So this year, when it was time to register, I asked Madi if she'd like to walk again.  She told me she was looking forward to it.  Again, we signed up except this year I told madi she needed to fundraise. "What? Who am I going to ask?"  Now think about that.  Valid point, right?  At 14 you don't have friends that have money and/or jobs.  So the idea of fundraising was a scary one.  Still, I set a goal for her.  $50.   That was doable.  And then nothing happened.

A couple weeks ago, I bugged her.  "Madi, you need to fundraise.  I see that your website is not even up yet."  "I will."  And another week went by, still nothing.  Okay, now we're just 5 days from the walk, and it was time to start getting serious. I called, FB messaged and finally, the Monday prior to the walk, the webpage was personalized and she was ready to go.  And to make a long story short, she raised the $50 and actually surpassed it.  Who did she ask?  Family, parents of her friends, but she made it happen.

My adorable niece (and God-daughter), Madi
Okay, big deal, you say.  But it IS a big deal.  Along the routeMadi and I got a chance to talk.  We took photos along the way.  There were areas along the route with questions to ask yourself.  "If you were suddenly homeless and could only carry with you three things,"  said one sign, "what three things would you take in your shopping cart?"  Madi's answer, cellphone/charger, guitar and laptop.  My three? photo album, flute, and Madi (since she can play her guitar and sing to create some revenue for her dear sweet aunt.  right?) But seriously, we did have a good conversation about the importance of commiting to a cause.  And then discussing it with others.  Being prepared to work for the outcome of that cause.  Even if it meant asking people for money.  Because remember, I told her, you're not asking for it for yourself but for the cause.

So that's the jist of it.  Back when I was a kid, the norm was protest.  We would picket, and walk, and align ourselves with issues and causes.  But I don't see it like that today.  So that's why by registering for these type of walks, or getting our children involved in volunterring, we teach them important lessons about giving and seflessness.  It's important that we teach by example too.  When our children grow up seeing us do these things, they will learn by example.  But they also need to learn by dialogue and goal setting as well.  They need to be pushed.  And they need to know that all these things come with a price.  Yes, signing up as a minor is free, but there is the cost of the tshirt, the advertising, etc.  If we can all do our part to help, more of the money raised will help the cause.  After walking the 5K HomeWalk and having raised $80, my niece felt accomplished and proud of herself.  And you know what?  I am very proud of her too.

I just want to say though that it's up to us to guide our children in these area.  To push them toward the things that matter, because the outside influences are too great.  If you believe in a cause, then you should support it.  And the same goes for our church and our ministry.  If you believe in the message and the good works that are coming out of it, then show your support!  Enough said?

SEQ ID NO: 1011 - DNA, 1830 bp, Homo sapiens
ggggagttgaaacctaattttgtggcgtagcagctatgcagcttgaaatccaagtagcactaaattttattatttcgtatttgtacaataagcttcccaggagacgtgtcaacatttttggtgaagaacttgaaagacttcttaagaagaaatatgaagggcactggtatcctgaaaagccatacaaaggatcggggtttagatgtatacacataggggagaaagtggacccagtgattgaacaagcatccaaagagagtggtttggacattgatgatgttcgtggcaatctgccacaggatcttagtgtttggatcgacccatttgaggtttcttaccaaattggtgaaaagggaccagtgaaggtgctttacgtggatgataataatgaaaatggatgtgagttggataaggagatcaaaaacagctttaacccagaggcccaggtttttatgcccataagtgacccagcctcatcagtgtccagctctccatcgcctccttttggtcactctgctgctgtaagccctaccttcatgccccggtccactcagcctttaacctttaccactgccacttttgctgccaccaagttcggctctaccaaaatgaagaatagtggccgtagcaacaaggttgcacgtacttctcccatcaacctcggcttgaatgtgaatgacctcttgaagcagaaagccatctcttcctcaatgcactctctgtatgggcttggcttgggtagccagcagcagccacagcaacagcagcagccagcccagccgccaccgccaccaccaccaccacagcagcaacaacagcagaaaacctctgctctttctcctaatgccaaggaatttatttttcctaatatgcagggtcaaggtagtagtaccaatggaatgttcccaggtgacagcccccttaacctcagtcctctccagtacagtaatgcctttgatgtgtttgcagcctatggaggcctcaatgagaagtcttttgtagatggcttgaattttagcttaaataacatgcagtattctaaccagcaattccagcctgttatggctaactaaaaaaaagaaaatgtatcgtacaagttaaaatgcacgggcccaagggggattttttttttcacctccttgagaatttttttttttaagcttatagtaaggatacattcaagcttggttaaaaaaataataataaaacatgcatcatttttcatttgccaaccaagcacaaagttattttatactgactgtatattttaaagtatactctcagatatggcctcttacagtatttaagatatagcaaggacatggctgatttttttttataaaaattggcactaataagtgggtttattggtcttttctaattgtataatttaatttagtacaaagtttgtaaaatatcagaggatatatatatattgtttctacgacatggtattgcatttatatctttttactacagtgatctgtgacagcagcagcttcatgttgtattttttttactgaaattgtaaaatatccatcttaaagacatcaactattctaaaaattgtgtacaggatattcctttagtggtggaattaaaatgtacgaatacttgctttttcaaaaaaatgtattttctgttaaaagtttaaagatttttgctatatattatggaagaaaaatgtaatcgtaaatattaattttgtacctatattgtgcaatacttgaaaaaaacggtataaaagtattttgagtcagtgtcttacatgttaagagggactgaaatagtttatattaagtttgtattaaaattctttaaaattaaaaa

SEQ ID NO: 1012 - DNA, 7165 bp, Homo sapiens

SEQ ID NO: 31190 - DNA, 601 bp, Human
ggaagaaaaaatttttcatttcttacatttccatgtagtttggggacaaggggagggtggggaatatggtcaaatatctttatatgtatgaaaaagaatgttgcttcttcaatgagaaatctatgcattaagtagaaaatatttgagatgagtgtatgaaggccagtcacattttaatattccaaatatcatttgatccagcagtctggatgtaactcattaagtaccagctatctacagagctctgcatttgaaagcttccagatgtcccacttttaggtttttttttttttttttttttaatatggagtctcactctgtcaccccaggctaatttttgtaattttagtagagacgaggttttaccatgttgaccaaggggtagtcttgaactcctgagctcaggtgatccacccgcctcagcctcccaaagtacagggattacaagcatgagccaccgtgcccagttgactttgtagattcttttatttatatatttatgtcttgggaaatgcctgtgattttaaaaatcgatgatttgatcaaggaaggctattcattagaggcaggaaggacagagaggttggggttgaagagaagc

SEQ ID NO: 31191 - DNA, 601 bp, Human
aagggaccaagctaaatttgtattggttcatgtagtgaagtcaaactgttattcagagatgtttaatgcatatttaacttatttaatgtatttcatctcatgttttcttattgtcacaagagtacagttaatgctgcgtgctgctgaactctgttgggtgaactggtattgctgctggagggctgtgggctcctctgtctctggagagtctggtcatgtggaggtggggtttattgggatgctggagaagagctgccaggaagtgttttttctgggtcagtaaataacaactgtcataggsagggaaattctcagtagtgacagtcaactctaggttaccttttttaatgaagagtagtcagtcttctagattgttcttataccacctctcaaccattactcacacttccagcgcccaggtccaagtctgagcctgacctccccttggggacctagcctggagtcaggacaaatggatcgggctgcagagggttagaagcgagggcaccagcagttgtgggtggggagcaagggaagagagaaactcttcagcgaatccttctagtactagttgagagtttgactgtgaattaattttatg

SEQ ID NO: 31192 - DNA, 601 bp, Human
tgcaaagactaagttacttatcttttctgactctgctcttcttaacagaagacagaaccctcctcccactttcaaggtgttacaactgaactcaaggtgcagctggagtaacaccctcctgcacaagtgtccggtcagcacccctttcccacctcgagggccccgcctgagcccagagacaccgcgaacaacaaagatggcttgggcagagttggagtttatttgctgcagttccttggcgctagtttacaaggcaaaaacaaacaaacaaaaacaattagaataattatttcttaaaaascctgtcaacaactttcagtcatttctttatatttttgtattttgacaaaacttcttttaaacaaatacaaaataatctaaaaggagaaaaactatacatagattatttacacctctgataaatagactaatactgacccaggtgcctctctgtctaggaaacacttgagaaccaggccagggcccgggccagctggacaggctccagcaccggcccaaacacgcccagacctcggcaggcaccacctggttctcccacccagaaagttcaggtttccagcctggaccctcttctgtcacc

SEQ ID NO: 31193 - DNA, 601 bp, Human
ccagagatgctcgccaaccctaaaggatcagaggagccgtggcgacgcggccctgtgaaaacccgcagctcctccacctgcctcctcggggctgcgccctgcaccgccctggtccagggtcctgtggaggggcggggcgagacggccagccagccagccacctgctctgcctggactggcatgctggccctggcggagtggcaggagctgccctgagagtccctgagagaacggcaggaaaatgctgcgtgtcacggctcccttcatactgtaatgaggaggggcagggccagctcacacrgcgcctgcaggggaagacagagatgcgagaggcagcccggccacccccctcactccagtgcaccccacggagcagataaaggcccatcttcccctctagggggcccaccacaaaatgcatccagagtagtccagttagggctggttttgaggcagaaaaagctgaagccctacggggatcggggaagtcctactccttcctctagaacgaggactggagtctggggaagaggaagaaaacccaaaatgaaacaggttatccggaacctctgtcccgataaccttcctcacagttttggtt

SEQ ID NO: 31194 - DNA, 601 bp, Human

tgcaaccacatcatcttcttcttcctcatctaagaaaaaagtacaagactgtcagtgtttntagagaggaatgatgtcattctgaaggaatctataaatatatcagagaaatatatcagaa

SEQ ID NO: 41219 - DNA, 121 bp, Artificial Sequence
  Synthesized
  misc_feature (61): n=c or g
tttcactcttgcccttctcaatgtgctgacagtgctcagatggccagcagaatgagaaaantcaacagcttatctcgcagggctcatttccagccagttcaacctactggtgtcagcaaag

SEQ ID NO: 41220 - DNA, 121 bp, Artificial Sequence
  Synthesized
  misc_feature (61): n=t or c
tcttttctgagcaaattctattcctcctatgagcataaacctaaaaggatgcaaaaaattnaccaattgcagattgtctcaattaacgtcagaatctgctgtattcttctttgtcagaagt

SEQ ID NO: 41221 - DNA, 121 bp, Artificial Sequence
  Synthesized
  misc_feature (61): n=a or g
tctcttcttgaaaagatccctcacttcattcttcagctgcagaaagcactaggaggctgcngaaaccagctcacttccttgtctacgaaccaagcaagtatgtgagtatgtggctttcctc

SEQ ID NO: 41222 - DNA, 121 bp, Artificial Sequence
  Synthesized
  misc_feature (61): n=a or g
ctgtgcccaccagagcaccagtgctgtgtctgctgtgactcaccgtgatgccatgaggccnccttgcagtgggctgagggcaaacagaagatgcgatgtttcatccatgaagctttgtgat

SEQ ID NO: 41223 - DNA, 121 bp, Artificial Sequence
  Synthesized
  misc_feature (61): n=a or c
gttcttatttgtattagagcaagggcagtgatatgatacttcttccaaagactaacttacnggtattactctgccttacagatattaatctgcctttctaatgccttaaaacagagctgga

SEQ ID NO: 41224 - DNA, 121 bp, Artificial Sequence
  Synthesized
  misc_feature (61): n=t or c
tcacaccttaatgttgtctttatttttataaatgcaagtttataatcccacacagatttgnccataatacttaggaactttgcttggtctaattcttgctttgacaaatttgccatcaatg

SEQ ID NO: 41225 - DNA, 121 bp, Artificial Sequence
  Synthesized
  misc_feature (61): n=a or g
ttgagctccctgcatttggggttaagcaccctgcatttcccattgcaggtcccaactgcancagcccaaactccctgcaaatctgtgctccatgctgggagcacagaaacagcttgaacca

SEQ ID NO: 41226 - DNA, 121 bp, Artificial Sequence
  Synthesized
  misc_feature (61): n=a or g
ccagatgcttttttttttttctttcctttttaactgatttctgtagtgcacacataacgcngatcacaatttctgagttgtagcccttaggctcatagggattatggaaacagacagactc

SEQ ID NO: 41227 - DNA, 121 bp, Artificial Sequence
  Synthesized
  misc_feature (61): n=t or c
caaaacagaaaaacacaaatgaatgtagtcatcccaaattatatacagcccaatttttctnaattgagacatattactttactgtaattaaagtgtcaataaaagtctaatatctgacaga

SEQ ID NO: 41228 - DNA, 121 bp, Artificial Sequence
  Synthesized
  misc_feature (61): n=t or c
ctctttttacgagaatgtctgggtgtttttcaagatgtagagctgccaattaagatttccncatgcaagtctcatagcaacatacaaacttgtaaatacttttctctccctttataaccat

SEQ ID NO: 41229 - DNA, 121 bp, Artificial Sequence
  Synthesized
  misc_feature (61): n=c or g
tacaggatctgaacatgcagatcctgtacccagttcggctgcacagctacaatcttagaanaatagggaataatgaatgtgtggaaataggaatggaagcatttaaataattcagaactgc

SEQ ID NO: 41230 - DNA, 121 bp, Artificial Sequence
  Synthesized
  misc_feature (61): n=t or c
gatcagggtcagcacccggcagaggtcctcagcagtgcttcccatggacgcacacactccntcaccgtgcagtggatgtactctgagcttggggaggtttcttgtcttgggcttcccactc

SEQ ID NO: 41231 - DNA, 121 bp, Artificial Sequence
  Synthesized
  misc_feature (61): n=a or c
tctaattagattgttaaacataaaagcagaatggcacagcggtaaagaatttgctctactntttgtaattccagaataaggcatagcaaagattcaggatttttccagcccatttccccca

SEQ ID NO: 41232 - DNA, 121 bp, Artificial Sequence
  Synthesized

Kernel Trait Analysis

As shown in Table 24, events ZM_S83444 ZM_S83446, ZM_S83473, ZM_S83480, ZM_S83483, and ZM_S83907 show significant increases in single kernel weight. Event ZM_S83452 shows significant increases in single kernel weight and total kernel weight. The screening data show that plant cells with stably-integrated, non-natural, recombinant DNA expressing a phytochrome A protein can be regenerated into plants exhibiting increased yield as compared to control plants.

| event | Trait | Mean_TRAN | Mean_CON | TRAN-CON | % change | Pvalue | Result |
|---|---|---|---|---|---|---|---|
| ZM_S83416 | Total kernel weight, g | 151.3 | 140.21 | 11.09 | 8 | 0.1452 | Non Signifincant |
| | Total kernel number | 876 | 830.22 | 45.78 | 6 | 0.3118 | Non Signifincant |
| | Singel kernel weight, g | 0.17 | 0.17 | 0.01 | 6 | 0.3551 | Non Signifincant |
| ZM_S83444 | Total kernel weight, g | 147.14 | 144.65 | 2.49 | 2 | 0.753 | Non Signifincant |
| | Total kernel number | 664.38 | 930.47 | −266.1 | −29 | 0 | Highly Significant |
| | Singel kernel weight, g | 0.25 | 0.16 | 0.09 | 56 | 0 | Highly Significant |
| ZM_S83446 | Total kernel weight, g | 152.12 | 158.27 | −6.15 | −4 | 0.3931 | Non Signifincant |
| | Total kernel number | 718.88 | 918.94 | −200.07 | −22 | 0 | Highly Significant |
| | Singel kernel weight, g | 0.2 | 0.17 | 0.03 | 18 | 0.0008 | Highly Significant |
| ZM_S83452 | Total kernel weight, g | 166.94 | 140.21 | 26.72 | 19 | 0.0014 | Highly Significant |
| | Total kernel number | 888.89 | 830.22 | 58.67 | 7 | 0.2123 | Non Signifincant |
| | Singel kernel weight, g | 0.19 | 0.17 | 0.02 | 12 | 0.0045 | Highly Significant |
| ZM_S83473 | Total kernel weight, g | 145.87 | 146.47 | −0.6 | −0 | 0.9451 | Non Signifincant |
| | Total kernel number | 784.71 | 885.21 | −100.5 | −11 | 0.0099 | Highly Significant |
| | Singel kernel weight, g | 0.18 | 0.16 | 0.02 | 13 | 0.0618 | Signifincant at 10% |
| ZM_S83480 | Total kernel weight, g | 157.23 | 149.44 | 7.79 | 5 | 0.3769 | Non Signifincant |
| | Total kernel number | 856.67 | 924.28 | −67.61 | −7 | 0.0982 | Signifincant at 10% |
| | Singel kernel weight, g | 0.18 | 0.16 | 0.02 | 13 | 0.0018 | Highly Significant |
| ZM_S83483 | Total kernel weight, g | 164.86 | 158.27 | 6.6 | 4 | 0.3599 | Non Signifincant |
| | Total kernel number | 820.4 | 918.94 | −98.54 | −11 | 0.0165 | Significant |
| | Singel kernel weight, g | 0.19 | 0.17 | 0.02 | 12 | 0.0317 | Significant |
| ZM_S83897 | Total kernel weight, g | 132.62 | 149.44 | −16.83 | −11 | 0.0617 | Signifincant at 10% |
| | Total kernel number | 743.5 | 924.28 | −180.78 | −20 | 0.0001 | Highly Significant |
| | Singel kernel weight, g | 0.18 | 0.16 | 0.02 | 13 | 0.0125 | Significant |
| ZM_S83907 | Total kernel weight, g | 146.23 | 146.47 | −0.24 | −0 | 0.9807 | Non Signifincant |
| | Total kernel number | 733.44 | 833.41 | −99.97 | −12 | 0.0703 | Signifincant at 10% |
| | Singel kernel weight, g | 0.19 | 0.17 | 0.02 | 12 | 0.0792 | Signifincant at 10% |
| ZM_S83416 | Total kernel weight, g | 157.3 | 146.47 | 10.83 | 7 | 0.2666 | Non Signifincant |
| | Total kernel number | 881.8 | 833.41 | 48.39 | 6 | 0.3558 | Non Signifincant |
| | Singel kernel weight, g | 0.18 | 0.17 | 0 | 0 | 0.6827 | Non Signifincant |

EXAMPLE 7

And now, here's this week's list of the little things that make my life more beautiful:

Little Things I'm Thankful For: 
1.  Think about the smell of Palmolive soap and onions when your grandma first opens the door of her house and you walk in.  Think about smelling the roses blooming in the garden, or your favorite perfume.  My first item to be thankful for is my sense of smell.  Imagine going through life with a cold in your nose and not being able to smell the delicious smell of a newborn, the spicy smell of a carnation, or the incense in church.  We're blessed with this sense of smell that makes our lives so full.

2.  Scented candles.  Yep.  They're so good.  Especially arount the holidays when they come out with their winter fragrances - especially the pine, cranberry, apple spice.  I love lighting candles and having my house smell great during the holidays.

3.  A garden.  I'm thankful that I have a small patch of garden that I can grow - or at least attempt to grow - vegetables, flowers and plants.  Gardens reassure us in the hope for tomorrow and new surprises.  I'm grateful for my garden.

4.  Social Media.   I'm thankful for being connected, and for the wonderful frends I've met through Facebook, Twitter, and my blog.  There are good and bad aspects of it, but in general, I like being able to keep in touch with friends and family.   Think about it.  If it weren't for social media, I probably would never have met you!

5.  Flowers.  Whether they are sent to me at work, or it's the wild geranium that's growing in my front yard, I am thankful for the beauty and fragrance of flowers.  The colors, shapes and sizes...varieties are unlimited, and like I always say, God is the best artist!

6.  Fridays!  I'm always thankful for Fridays. It's been said that the first five days after the weekend are the hardest.  And I always find that my work week gets better and better the closer we get to Friday.  It's really my favorite day of the week, even though half of it is spent on being at work.  Saturday is always filled with all the chores.  Sunday there's church, and then by the time you have lunch and clean up, it's time to finish up projects and start planning for Monday again.  But Fridays when work is finished....that's the day that's filled with fun and hope for a great weekend.

and finally 7.  YOU!  Not that you're a little thing, you know...but I am thank you for each of you .  Thank you for reading, listening, commenting and praying for me.

Finally, I want to take this time to wish all of you a very happy and blesssed Thanksgiving.  I hope our little exercise in the little things has helped you appreciate all that you have, large and small, and help you to understand how truly blessed we all are.  God bless your families this Thanksgivig and always.

Happy Thanksgiving everyone!!!